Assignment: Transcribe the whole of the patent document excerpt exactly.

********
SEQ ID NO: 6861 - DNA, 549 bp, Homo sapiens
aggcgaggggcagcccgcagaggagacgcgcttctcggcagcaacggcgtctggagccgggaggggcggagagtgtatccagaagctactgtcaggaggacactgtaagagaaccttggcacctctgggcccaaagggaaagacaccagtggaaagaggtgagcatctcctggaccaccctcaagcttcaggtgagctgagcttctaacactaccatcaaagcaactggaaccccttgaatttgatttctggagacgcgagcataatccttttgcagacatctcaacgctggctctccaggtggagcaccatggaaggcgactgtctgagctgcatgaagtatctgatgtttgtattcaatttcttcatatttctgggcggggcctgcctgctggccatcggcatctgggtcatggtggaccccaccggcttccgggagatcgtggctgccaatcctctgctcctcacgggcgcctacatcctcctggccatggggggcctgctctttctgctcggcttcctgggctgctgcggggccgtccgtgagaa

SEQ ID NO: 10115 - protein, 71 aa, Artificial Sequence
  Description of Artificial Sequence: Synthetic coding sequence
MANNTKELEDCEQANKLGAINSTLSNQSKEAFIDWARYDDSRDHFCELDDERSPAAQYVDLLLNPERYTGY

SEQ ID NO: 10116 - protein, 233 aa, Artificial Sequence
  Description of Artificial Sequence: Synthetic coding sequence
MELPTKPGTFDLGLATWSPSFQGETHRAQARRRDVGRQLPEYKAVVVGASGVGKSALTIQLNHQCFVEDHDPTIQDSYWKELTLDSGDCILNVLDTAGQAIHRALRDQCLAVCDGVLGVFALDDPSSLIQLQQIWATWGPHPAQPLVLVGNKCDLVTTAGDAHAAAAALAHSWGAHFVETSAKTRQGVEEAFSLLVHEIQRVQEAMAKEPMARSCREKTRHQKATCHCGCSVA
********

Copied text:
SEQ ID NO: 6861 - DNA, 549 bp, Homo sapiens
aggcgaggggcagcccgcagaggagacgcgcttctcggcagcaacggcgtctggagccgggaggggcggagagtgtatccagaagctactgtcaggaggacactgtaagagaaccttggcacctctgggcccaaagggaaagacaccagtggaaagaggtgagcatctcctggaccaccctcaagcttcaggtgagctgagcttctaacactaccatcaaagcaactggaaccccttgaatttgatttctggagacgcgagcataatccttttgcagacatctcaacgctggctctccaggtggagcaccatggaaggcgactgtctgagctgcatgaagtatctgatgtttgtattcaatttcttcatatttctgggcggggcctgcctgctggccatcggcatctgggtcatggtggaccccaccggcttccgggagatcgtggctgccaatcctctgctcctcacgggcgcctacatcctcctggccatggggggcctgctctttctgctcggcttcctgggctgctgcggggccgtccgtgagaa

SEQ ID NO: 10115 - protein, 71 aa, Artificial Sequence
  Description of Artificial Sequence: Synthetic coding sequence
MANNTKELEDCEQANKLGAINSTLSNQSKEAFIDWARYDDSRDHFCELDDERSPAAQYVDLLLNPERYTGY

SEQ ID NO: 10116 - protein, 233 aa, Artificial Sequence
  Description of Artificial Sequence: Synthetic coding sequence
MELPTKPGTFDLGLATWSPSFQGETHRAQARRRDVGRQLPEYKAVVVGASGVGKSALTIQLNHQCFVEDHDPTIQDSYWKELTLDSGDCILNVLDTAGQAIHRALRDQCLAVCDGVLGVFALDDPSSLIQLQQIWATWGPHPAQPLVLVGNKCDLVTTAGDAHAAAAALAHSWGAHFVETSAKTRQGVEEAFSLLVHEIQRVQEAMAKEPMARSCREKTRHQKATCHCGCSVA